Note: When loading a new pattern set, the list of activations is assigned to the units in order of ascending unit number. The user is responsible for the correct positioning of the units. When creating and deleting units their order is easily mixed up. This leads to unwanted graphical representations and the impression of the patterns being wrong. To avoid this behavior always make sure to have the lowest unit number in the upper left corner and the highest in the lower right. To avoid these problems use BIGNET for network creation.

Once a subpattern is defined, the user can scroll through the pattern along every dimension using the buttons xgui_figs/, xgui_figs/, xgui_figs/, and xgui_figs/ The step size used for scrolling when pressing the buttons xgui_figs/ and xgui_figs/ is determined by the input and output step fields for the various dimensions. The user can still as well browse through the pattern set using the arrow buttons of the control panel.

It is possible to load various pattern sets with a varying number of variable dimensions. The user is free to use any of them with the same network alternatively. When switching between these pattern sets the subpattern panel will automatically adapt to show the correct number of variable dimensions.

When stepping through the subpatterns, in learning, testing, or simply displaying, the resulting behavior is always governed by the input pattern. If the last possible subpattern within the current pattern is reached, the request for the next subpattern will automatically yield the first subpattern of the next pattern in both input and output layer. Therefore it is not possible to handle all subpatterns for training when there are not the same number of subpatterns in input and output layer available. By adjusting the step width accordingly, it should always be possible to achieve correct network behavior.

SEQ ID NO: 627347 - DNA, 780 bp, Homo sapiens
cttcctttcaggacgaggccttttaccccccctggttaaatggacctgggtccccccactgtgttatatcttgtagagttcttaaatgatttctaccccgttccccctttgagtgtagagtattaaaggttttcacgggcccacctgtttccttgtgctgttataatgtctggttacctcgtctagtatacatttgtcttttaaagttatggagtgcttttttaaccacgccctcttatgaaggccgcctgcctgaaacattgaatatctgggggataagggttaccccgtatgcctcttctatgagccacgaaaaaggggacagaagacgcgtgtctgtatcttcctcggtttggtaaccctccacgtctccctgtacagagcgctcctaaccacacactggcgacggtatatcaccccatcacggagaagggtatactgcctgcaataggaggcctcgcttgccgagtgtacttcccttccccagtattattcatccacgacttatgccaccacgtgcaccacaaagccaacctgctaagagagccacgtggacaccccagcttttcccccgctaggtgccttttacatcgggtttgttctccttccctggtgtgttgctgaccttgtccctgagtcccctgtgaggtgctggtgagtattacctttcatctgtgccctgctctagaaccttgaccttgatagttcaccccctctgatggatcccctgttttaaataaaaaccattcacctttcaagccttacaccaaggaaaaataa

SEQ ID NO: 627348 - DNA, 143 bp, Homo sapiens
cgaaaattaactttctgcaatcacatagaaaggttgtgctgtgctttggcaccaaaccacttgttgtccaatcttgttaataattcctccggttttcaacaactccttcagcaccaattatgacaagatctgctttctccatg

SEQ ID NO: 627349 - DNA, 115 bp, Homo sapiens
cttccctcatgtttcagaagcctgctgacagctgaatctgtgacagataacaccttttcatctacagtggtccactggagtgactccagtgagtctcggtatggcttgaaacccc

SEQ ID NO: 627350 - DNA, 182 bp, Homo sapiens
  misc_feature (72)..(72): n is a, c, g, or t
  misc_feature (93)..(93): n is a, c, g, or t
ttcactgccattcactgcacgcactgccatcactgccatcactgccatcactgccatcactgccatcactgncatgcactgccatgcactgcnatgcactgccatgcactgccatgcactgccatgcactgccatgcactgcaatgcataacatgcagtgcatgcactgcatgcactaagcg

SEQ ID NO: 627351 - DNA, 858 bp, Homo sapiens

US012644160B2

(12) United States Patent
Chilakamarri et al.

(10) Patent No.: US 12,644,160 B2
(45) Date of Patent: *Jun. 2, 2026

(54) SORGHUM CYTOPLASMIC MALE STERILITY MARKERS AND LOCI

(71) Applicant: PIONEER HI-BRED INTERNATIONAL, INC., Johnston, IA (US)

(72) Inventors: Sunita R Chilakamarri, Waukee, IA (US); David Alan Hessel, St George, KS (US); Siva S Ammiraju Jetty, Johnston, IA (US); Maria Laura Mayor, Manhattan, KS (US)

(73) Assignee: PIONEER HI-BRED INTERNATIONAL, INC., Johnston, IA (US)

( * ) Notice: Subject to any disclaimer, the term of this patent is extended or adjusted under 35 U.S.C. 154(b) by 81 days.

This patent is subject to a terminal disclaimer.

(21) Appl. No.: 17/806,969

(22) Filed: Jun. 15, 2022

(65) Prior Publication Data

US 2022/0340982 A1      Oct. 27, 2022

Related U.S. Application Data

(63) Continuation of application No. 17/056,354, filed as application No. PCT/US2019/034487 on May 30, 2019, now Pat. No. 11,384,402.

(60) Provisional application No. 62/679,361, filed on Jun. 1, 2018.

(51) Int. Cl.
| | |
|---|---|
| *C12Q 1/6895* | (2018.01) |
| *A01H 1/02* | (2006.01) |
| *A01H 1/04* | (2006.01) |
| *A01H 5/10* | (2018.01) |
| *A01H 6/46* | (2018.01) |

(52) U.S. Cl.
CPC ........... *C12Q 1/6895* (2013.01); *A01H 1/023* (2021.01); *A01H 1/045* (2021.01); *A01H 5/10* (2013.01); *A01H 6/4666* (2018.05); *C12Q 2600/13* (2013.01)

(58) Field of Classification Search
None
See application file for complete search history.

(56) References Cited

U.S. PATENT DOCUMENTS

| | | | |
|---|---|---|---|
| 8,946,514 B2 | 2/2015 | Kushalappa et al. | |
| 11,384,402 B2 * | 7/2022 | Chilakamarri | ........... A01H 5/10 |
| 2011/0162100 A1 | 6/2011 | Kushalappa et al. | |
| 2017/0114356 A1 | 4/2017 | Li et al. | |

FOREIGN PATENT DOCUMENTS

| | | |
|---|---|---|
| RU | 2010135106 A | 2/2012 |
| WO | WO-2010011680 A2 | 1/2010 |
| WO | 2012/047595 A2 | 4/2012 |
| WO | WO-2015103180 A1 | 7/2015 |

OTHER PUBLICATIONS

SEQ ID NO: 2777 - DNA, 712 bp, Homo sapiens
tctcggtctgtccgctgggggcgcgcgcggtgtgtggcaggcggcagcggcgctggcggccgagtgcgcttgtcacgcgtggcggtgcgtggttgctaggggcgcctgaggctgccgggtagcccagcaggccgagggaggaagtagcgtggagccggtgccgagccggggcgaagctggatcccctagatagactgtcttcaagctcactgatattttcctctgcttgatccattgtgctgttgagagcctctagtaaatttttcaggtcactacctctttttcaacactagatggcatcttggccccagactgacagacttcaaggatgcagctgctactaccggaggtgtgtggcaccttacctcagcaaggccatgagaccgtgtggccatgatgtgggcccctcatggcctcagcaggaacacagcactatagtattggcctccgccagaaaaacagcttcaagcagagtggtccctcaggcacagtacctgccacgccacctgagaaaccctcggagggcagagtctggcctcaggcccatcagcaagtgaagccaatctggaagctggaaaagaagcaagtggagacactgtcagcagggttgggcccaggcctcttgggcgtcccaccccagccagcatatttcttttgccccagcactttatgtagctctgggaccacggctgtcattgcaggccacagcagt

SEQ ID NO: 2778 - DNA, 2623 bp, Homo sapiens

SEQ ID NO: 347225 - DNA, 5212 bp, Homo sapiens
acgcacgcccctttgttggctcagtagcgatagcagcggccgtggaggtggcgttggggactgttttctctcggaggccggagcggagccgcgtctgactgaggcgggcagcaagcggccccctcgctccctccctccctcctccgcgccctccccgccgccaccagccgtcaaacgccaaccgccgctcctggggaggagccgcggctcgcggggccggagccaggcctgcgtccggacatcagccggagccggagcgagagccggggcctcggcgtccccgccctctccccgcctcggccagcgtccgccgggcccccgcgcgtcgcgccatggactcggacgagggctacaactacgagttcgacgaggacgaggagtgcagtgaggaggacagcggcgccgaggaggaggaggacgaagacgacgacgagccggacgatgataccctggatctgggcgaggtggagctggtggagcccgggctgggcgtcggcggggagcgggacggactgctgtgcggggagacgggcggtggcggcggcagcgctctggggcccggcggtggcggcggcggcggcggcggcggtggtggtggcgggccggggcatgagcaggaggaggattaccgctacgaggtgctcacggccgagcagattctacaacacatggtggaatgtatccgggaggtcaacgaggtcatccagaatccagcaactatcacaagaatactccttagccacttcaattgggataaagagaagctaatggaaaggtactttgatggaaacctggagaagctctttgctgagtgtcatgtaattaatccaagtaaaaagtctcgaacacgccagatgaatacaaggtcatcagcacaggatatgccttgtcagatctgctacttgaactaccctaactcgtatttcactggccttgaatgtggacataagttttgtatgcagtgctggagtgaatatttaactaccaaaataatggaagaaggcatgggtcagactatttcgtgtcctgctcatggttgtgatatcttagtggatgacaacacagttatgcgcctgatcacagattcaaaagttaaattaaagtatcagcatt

Figure: Tiling versus shifting of subpatterns.

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The last possible subpattern in the above description is dependent from the settings of the subpattern panel. An example for a one-dimensional case would be: In a pattern of size 22 is the last subpattern with size = 3 and step = 5 the position 15. Changing the step width to 2 would lead to a last position of 18. In figure gif, the left pattern would have only 9 subpatterns, whereas the right one would have 49 !

The next reachable position with the current step width will always be a multiple of this step width. That is, if the step width is 4 and pattern position 8 is reached, a change of step width to 5 and a subsequent press of xgui_figs/ would result in position 10 (and not 13 as some might expect).

When selecting a step width, the user also has to remember whether the pattern should be divided in tiles or overlapping pieces. When implementing filter e.g., whether picture or others, a tiling stile will always be more appropriate, since different units are treated not concordantly.

It is the sole responsibility of the user to define the step width and the size of the subpattern correctly for both input and output. The user has to take care for the subpatterns to be correspondent. A wrong specification can lead to unpredictable learning behavior. The best way to check the settings is to press the button, since exactly those subpatterns are thereby generated that will also be used for the training. By observing the reported position in the subpattern panel it can be verified whether meaningful values have been specified.

next up previous contents index
Next: Graphical Network Editor Up: Handling Patterns with Previous: Fixed Size Patterns
Tue Nov 28 10:30:44 MET 1995